This tech challenge is sponsored by the Office of the National Coordinator for Health Information Technology (ONC-HIT) in collaboration with the Partnership for Patients. The Partnership for Patients is a new nationwide public-private partnership launched by Secretary of Health and Human Services Kathleen Sebelius to tackle all forms of harm to patients. Its aims include a 20% reduction in readmissions over a three year period and a 40% reduction in preventable hospital-acquired conditions.

Nearly one in five patients discharged from a hospital will be readmitted within 30 days. A large proportion of readmissions can be prevented by improving communications and coordinating care before and after discharge. The Centers for Medicare and Medicaid Services (CMS) provides a discharge checklist to help patients and their caregivers prepare to leave a hospital, nursing home, or other care setting. Research has shown that empowering patients and caregivers with information and tools to manage the next steps in their care more confidently is a very effective way to reduce errors, decrease complications, and prevent a return visit to the hospital.

The ideal application for this tech challenge will:

  • Incorporate the content of the CMS Discharge Checklist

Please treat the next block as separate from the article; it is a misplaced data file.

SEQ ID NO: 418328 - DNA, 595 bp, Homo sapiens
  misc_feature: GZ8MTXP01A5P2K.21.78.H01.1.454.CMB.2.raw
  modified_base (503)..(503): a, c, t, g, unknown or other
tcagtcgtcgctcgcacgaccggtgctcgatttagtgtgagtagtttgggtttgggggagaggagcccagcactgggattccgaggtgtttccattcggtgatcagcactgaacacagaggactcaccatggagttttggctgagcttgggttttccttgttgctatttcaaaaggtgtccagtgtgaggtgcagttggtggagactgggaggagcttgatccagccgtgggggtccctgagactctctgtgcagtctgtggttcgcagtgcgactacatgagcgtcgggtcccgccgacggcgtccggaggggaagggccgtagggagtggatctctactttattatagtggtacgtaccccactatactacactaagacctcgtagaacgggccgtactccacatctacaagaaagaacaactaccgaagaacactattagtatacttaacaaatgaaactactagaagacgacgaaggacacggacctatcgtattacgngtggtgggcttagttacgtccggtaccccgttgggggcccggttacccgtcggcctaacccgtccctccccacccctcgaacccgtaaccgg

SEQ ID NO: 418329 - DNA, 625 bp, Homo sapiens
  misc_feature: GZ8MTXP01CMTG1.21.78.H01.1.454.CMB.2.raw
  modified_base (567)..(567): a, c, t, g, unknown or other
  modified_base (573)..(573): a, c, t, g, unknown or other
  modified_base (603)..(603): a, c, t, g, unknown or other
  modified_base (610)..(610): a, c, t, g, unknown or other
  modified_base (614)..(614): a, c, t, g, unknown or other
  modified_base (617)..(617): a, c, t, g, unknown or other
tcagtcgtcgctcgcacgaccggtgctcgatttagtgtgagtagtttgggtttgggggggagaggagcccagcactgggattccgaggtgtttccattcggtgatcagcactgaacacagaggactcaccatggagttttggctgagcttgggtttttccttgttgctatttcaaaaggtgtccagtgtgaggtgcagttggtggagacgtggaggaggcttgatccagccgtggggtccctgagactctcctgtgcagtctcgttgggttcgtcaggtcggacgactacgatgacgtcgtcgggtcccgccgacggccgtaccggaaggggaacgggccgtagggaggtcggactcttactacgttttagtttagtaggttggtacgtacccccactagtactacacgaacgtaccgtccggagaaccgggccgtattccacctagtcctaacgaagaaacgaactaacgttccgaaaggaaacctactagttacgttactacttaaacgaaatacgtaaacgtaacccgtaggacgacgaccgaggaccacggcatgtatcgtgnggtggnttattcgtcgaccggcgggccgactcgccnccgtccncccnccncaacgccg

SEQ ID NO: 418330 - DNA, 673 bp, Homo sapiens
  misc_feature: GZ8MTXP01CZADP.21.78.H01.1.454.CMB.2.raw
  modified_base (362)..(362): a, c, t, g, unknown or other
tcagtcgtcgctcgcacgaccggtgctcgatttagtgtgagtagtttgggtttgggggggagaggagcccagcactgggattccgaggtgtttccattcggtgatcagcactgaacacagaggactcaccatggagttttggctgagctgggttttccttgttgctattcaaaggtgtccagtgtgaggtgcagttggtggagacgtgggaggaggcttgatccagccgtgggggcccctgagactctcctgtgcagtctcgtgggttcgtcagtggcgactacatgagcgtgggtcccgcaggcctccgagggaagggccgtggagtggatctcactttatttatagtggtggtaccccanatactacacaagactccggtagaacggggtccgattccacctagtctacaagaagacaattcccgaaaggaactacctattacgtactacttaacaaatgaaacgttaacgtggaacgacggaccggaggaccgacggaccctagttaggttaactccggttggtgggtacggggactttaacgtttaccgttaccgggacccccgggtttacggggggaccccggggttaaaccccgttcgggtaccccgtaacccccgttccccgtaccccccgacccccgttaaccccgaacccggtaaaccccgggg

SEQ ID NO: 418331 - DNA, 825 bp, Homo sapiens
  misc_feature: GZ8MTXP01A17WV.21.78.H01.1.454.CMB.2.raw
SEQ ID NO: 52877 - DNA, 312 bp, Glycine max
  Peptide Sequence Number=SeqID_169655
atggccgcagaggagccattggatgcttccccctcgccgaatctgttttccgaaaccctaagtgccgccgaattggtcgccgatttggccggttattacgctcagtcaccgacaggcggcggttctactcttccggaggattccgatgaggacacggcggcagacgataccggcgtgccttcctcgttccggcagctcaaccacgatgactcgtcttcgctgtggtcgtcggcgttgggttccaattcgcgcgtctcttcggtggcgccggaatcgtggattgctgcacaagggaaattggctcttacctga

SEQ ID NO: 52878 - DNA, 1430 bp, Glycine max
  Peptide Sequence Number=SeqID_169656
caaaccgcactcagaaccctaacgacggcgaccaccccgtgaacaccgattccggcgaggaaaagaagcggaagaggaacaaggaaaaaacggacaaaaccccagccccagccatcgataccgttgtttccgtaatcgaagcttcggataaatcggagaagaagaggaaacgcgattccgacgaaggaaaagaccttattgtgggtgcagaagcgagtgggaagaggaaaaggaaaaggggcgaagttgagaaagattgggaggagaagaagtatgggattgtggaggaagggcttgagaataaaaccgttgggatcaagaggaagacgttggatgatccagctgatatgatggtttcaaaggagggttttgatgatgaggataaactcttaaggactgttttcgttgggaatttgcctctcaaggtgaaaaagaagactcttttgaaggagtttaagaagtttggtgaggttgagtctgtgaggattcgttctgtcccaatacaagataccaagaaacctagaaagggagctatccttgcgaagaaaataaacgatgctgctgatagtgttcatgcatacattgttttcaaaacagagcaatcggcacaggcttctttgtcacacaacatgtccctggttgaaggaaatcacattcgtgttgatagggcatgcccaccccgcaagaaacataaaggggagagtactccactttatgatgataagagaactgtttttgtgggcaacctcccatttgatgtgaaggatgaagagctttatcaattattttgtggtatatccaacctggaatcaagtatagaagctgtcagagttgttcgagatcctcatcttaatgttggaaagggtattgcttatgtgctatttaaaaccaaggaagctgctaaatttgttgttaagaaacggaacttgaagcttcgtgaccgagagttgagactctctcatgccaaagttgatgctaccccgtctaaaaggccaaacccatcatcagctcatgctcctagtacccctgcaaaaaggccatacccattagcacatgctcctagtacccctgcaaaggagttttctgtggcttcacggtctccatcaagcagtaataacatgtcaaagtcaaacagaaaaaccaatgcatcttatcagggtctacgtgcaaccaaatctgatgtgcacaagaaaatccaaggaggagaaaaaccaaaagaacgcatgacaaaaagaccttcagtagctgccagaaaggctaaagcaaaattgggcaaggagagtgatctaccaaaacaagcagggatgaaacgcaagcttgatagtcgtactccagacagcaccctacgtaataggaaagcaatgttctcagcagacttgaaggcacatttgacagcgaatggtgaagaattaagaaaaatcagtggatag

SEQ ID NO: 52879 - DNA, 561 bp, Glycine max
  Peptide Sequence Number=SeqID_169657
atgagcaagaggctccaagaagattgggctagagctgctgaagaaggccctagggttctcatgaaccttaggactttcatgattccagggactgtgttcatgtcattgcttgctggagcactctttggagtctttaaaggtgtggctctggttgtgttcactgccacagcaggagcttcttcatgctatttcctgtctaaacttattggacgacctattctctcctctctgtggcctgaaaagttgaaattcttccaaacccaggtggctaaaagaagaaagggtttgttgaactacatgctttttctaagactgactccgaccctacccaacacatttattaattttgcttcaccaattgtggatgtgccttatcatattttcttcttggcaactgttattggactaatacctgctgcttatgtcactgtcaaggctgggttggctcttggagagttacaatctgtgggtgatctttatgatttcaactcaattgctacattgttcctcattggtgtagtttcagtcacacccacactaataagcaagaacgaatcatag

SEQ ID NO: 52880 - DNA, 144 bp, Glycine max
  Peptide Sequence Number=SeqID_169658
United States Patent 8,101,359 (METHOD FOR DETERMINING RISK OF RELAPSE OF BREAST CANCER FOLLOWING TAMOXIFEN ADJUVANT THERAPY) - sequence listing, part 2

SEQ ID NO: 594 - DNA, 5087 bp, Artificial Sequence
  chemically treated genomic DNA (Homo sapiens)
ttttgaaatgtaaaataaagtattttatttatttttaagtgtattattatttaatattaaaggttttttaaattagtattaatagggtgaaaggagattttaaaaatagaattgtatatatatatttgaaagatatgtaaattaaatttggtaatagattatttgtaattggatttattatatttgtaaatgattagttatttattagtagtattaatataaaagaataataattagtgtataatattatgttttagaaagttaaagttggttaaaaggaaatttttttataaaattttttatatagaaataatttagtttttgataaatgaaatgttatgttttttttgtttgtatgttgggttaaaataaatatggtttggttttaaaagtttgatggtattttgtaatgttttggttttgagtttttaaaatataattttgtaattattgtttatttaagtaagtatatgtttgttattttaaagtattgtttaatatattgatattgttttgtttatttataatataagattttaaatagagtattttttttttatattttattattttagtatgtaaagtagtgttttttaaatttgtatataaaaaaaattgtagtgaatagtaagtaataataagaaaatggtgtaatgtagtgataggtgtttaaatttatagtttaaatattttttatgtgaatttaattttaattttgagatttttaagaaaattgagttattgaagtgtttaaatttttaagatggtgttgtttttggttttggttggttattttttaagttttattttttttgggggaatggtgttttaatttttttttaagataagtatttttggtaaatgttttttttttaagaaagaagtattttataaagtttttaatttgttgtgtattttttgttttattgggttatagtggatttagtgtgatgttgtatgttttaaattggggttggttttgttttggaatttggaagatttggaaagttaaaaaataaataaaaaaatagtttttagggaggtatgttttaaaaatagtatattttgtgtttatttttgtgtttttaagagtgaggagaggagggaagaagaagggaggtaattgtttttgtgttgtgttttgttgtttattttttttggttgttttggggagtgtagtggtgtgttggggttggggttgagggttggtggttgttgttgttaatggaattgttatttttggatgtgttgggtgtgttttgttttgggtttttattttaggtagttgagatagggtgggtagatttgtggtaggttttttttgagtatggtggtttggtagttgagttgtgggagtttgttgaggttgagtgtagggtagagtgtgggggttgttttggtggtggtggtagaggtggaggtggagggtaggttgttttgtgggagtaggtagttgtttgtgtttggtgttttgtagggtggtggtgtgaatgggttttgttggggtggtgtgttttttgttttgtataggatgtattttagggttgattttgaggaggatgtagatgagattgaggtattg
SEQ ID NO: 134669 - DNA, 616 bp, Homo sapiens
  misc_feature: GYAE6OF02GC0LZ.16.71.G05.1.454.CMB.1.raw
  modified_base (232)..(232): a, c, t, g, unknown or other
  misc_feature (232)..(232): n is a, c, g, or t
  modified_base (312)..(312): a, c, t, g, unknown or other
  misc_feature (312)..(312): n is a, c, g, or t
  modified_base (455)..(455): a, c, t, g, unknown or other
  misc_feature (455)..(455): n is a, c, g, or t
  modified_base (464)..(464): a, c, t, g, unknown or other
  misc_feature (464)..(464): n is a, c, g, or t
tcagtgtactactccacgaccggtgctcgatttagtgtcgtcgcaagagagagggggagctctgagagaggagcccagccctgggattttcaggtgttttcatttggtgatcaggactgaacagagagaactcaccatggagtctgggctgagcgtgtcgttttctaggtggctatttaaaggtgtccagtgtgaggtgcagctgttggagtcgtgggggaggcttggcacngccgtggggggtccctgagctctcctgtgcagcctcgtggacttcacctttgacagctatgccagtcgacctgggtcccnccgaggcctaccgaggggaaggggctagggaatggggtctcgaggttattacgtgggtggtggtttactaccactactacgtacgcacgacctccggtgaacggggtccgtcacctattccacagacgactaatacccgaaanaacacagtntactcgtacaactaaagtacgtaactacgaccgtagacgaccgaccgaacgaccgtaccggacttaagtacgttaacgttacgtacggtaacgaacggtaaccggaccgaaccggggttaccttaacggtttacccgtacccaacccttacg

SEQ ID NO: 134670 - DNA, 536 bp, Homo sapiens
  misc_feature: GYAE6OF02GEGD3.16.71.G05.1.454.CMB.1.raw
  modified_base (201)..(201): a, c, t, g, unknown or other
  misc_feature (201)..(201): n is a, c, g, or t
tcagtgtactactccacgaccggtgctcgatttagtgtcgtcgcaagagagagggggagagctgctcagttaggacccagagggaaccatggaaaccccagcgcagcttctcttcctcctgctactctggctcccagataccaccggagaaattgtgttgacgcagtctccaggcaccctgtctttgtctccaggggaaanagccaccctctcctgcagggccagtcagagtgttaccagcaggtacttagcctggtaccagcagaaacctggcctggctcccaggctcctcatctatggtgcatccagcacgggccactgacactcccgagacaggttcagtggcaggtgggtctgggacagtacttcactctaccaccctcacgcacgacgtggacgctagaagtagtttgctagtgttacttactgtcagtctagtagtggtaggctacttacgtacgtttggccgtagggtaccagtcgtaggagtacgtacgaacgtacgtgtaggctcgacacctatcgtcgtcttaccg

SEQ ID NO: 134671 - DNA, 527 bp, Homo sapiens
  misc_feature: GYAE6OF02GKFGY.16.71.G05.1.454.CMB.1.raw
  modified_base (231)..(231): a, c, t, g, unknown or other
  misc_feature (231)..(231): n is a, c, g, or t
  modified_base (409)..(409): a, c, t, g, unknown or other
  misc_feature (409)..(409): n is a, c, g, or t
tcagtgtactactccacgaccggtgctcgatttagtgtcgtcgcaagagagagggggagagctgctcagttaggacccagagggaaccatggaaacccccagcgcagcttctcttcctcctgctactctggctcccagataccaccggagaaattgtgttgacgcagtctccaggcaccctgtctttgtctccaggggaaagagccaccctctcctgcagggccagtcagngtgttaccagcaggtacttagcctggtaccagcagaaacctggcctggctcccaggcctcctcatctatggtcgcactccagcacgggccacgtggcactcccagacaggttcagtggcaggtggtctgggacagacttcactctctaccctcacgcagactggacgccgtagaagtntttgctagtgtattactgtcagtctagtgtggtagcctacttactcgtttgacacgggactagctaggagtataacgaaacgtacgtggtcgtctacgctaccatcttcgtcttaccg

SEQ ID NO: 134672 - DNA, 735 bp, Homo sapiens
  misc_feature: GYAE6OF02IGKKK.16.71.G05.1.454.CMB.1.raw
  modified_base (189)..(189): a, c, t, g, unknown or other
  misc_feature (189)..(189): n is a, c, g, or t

• Help patients and caregivers access the information and materials needed to answer the checklist’s questions about their condition, their medications and medical equipment, and their post-discharge plans
  • Share this information with doctors, pharmacists, nurses and other professionals in their next care setting (e.g., home, nursing home, hospice)
  • Identify community-based organizations or others who can provide valuable assistance
  • Leverage and extend NwHIN standards and services including, but not limited to, transport (Direct, web services), content (Transitions of Care, CCD/CCR), and standardized vocabularies
Sep 192011

What kinds of changes are needed to improve care transitions, and thereby improve patient care and experience? It is a complex issue, and requires hard work. Building the will to face and fix these problems is essential to creating a better health care system. Dr. Joanne Lynn describes how individuals and organizations can get motivated—and get started.

Sep 122011

Transitions between care settings are fraught with errors that can lead to unnecessary suffering for patients and families, frustration for clinicians, and avoidable expenses for providers. Organizations nationwide need to pull together to create a seamless care system for patients living with multiple chronic conditions. Dr. Joanne Lynn explains why the issue of care transitions is paramount in endeavors to improve care of frail elders, and others living with advanced chronic conditions. This is the first of a 12-part video “how-to” series in which Dr. Lynn provides an overview of the issues, describes quality improvement efforts underway, and gives tips for clinicians and communities ready to get started in their own settings.

Key words: care transitions, frail elders, quality improvement, Joanne Lynn

Sep 082011

Meet Dr. Joanne Lynn as she describes work being done by the Altarum Institute Center for Elder Care and Advanced Illness to improve care transitions. This is the introduction to a 12-part series that will be released over the next several weeks. Stay tuned for more, with information on why it’s important to address care transitions, how to get started, and where to find ideas, resources, and guidance.